Sizing grounded conductor for 4000A service

philly

Senior Member
We are looking at replacing an existing 4000A service entrance switchboard and feeders and am trying to determine the best approach to sizing grounded conductor (neutral). I'm not sure if the existing facility has any 277 L-N loads which leaves me debating weather nor not I need to pull a full size neutral or just size the neutral per requirements of 230.24 (C).

If I have a situation where I don't have any L-N loads I know that 230.24(C) tells me that I can reference Table 250.102(C)(1) to determine size of grounded conductor which will be a smaller size than the phase conductors. However if I have L-N loads then I need to consider the grounded conductor as a neutral conductor carrying neutral current and need to size the neutral to carry unbalanced current. Without knowing the existing L-N loads that may exist (or may be added in future) do I need to consider this to be a full size neutral or is there a provision that allows me to used reduced neutral size (I know provision exists but cant put my finder on code section).

If the neutral is considered a current carrying conductor in a service do the requirements of Table 310.15(B)(3)(a) apply for adjusting cable ampacity for having 4 current carrying conductors in a raceway. Assuming the neutral is a CCC any applying adjustment factors we come up with 10 Sets of 4/C 750MCM for service entrance. Existing installation had 11 Sets of 4/C 500MCM which indicates that they pulled full neutral but did not de-rate for 4th CCC.

I was hoping to hear thoughts from others on approach here for replacement of service.
 

Dennis Alwon

Moderator
Staff member
Location
Chapel Hill, NC
Occupation
Retired Electrical Contractor
What does the existing service have for their neutrals? If I didn't know then I would just pull full size however, I would be surprised with a 4000 amp service if there were anywhere near 4000 amps L-N
 

philly

Senior Member
What does the existing service have for their neutrals? If I didn't know then I would just pull full size however, I would be surprised with a 4000 amp service if there were anywhere near 4000 amps L-N
Existing service has full rated neutral w/11 sets of 4/c 500 MCM (3phase + neutral each set).

With a full rated neutral does that have to be considered a 4th current carrying conductor and this require de-rating of phase conductors based on 310.15(B)(3)(a)?
 

kwired

Electron manager
Location
NE Nebraska
Existing service has full rated neutral w/11 sets of 4/c 500 MCM (3phase + neutral each set).

With a full rated neutral does that have to be considered a 4th current carrying conductor and this require de-rating of phase conductors based on 310.15(B)(3)(a)?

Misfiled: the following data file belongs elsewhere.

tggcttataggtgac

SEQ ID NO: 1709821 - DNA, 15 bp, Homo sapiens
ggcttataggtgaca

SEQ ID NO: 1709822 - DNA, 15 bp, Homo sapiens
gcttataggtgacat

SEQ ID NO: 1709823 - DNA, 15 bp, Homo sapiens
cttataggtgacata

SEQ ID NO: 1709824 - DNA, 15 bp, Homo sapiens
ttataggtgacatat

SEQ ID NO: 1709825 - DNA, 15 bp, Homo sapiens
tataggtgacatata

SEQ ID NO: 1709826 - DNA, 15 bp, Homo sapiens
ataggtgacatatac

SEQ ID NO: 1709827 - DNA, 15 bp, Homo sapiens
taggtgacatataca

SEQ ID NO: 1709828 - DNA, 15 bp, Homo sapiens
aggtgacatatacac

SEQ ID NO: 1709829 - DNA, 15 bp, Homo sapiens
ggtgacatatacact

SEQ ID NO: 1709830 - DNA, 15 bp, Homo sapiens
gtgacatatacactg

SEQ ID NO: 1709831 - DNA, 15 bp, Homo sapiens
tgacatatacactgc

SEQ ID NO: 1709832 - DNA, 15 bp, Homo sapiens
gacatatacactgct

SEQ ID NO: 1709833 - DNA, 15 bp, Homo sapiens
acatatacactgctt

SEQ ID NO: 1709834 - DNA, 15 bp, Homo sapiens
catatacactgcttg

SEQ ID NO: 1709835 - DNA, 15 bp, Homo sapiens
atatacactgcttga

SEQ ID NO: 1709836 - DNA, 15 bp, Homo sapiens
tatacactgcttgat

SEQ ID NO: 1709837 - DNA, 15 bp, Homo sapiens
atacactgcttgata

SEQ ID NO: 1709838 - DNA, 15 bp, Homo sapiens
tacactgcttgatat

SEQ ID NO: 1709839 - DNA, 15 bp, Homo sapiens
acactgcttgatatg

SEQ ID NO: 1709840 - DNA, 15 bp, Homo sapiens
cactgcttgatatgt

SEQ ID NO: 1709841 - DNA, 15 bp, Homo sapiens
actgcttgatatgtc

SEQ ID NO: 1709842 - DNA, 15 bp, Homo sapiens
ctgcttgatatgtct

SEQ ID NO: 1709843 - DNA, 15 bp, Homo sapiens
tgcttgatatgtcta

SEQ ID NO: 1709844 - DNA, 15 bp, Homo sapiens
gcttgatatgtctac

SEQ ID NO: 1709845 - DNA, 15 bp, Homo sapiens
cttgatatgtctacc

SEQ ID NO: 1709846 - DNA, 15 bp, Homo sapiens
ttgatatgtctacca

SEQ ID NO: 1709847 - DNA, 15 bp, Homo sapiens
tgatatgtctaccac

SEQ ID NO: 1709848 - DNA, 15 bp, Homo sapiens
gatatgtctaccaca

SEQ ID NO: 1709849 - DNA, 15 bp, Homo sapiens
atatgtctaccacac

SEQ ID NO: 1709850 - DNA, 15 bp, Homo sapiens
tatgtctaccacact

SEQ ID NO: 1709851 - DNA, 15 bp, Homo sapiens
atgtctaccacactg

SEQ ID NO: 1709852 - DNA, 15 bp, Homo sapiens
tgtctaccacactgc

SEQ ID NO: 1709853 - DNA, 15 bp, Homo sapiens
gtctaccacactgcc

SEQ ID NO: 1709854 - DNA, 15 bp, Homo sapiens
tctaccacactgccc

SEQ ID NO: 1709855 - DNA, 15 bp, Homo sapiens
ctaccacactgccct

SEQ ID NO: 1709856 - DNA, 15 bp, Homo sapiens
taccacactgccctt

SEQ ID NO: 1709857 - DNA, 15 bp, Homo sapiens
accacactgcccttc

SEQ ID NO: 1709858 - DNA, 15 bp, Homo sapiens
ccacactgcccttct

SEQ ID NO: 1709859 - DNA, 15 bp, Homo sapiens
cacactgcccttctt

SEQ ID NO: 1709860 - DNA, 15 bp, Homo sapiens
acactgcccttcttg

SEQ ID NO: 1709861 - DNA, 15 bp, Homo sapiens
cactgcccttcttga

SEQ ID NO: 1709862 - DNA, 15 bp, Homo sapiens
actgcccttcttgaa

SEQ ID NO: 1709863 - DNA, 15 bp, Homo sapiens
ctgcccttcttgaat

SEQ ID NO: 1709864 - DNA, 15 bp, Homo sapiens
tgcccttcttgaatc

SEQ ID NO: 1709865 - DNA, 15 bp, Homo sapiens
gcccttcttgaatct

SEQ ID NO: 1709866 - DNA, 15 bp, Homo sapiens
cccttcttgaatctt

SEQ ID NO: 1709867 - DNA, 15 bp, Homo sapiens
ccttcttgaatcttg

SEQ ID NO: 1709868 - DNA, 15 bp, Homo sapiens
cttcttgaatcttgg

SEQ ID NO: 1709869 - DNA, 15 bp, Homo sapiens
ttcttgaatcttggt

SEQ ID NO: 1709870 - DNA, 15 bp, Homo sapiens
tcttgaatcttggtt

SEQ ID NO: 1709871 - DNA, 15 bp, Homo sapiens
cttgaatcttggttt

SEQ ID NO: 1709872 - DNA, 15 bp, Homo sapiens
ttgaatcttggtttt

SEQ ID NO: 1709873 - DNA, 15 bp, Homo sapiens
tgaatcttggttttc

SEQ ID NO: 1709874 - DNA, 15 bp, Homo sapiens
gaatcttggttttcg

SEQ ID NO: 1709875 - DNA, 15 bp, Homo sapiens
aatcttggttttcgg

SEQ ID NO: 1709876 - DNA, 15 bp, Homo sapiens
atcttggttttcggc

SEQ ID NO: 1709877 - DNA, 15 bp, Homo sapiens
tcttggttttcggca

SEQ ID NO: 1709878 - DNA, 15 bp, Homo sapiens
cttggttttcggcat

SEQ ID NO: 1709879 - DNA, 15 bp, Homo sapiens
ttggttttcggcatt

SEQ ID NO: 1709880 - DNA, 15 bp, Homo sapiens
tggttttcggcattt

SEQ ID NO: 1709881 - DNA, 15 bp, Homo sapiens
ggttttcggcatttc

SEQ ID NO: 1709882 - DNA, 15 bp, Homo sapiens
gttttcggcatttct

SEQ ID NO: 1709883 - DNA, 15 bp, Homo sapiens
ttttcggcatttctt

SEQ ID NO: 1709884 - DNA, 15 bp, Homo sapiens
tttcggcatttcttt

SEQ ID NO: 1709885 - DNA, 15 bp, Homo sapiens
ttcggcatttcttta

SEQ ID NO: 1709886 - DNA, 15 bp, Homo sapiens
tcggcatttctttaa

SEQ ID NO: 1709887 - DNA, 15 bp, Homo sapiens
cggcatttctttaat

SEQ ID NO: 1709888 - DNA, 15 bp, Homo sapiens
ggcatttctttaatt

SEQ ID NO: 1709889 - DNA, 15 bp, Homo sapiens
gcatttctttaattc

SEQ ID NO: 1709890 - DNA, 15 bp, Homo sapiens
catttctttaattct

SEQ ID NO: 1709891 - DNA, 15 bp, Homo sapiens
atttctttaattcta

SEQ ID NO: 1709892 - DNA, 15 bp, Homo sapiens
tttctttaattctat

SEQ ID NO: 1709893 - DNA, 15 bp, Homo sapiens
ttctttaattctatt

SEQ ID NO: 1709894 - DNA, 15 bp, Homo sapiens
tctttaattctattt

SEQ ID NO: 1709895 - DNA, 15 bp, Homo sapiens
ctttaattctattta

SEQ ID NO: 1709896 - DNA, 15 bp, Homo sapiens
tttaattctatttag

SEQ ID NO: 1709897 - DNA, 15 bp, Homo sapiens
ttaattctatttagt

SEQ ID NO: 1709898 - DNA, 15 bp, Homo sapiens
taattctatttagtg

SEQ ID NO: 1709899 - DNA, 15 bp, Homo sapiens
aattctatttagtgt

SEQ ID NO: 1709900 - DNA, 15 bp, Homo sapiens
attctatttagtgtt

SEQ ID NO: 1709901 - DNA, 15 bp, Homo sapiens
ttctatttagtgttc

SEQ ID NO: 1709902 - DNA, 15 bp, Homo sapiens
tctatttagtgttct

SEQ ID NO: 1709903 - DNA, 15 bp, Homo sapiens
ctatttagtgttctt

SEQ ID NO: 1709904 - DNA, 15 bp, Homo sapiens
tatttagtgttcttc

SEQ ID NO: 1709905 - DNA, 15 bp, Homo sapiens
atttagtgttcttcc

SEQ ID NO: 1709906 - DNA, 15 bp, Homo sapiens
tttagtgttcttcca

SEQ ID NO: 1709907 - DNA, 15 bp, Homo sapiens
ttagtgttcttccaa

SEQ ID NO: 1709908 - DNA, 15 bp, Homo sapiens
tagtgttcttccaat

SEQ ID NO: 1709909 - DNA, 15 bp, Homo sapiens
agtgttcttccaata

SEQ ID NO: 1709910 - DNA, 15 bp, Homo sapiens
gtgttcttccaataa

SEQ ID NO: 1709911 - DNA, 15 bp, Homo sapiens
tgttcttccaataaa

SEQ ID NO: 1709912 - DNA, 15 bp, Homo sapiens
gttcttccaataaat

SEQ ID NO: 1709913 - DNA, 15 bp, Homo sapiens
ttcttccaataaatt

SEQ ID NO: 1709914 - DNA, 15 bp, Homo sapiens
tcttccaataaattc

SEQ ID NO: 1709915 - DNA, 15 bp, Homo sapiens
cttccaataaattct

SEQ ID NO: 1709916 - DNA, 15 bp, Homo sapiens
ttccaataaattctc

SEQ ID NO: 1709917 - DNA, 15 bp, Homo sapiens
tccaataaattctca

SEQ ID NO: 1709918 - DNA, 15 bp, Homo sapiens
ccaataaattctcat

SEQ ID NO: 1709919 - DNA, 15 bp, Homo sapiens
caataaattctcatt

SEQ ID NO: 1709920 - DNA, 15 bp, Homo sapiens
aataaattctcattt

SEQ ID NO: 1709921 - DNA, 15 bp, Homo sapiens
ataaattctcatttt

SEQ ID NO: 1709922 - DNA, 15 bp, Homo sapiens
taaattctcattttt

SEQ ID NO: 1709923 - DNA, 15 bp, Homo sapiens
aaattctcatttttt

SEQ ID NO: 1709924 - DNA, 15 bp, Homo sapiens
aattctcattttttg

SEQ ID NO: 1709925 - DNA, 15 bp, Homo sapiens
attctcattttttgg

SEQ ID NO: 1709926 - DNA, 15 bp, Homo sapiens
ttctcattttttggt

Only if majority of the line to neutral load of a three phase wye system is non linear - most often applies to data centers, which could also be a reason to increase neutral size compared to if same load amount but no non linear loads involved.

Otherwise it only carries the unbalance of the phase conductors and heating in raceway/cable is about the same as it is for three conductors.


General comment and not knowing much about your installation but presuming no major portions of load is non linear and connected to 277 volts, I'd guess there is either a lot of 480 volt three phase load, maybe some 277 volt lighting but not a major part of the total load, probably even some transformation to 208/120 that the 480 side will see as line to line loads - unless you have some 277 volt heating units there isn't a much else that is common line to neutral @ 277V. This means only the max expected unbalance of the 277 volt load will be the neutral load, and is likely low enough that minimum size grounded conductor per 250.102(C) is going to be sufficient. If you were dealing with 208/120 there would likely be more neutral load to have to deal with to figure max unbalance.

First thing is to look at what is line to line and what is line to neutral - somewhat my philosophy that if (in your application of 4000 amps) you have 2000 amps of line to line load - then right there is 2000 amps that you can automatically ignore when calculating maximum neutral current in most cases. Good chance there is still low amount of unbalanced neutral in the remaining 2000 amps available though, if the 277 volt loads are somewhat minimal and your neutral calculation will be less than minimum neutral required.
 

infinity

Moderator
Staff member
Location
New Jersey
Occupation
Journeyman Electrician
Existing service has full rated neutral w/11 sets of 4/c 500 MCM (3phase + neutral each set).

With a full rated neutral does that have to be considered a 4th current carrying conductor and this require de-rating of phase conductors based on 310.15(B)(3)(a)?
You can reduce the neutral size based on the calculated load but for parallel conductors it cannot be smaller than #1/0 in each raceway. In your installation the neutral would not count as a CCC.
 

drktmplr12

Senior Member
Location
South Florida
Occupation
Electrical Engineer
Isn’t a SE switchboard required to be 4W+G with the grounded conductor (neutral bus) bonded to ground bus with main bonding jumper in switchboard?
a 4W+G switchboard has a complete neutral bus nearly identical to the ground bus. a 3W+G switchboard will have no place to land a neutral and a complete ground bus. a SE rated 3W+G switchboard will have an insulated lug to land your neutral and means to bond it to the ground bus.
 
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kwired

Electron manager
Location
NE Nebraska
You can reduce the neutral size based on the calculated load but for parallel conductors it cannot be smaller than #1/0 in each raceway. In your installation the neutral would not count as a CCC.
Yes with parallel conductors you can never go less than 1/0 per parallel element, with general light and power circuits anyway.
 
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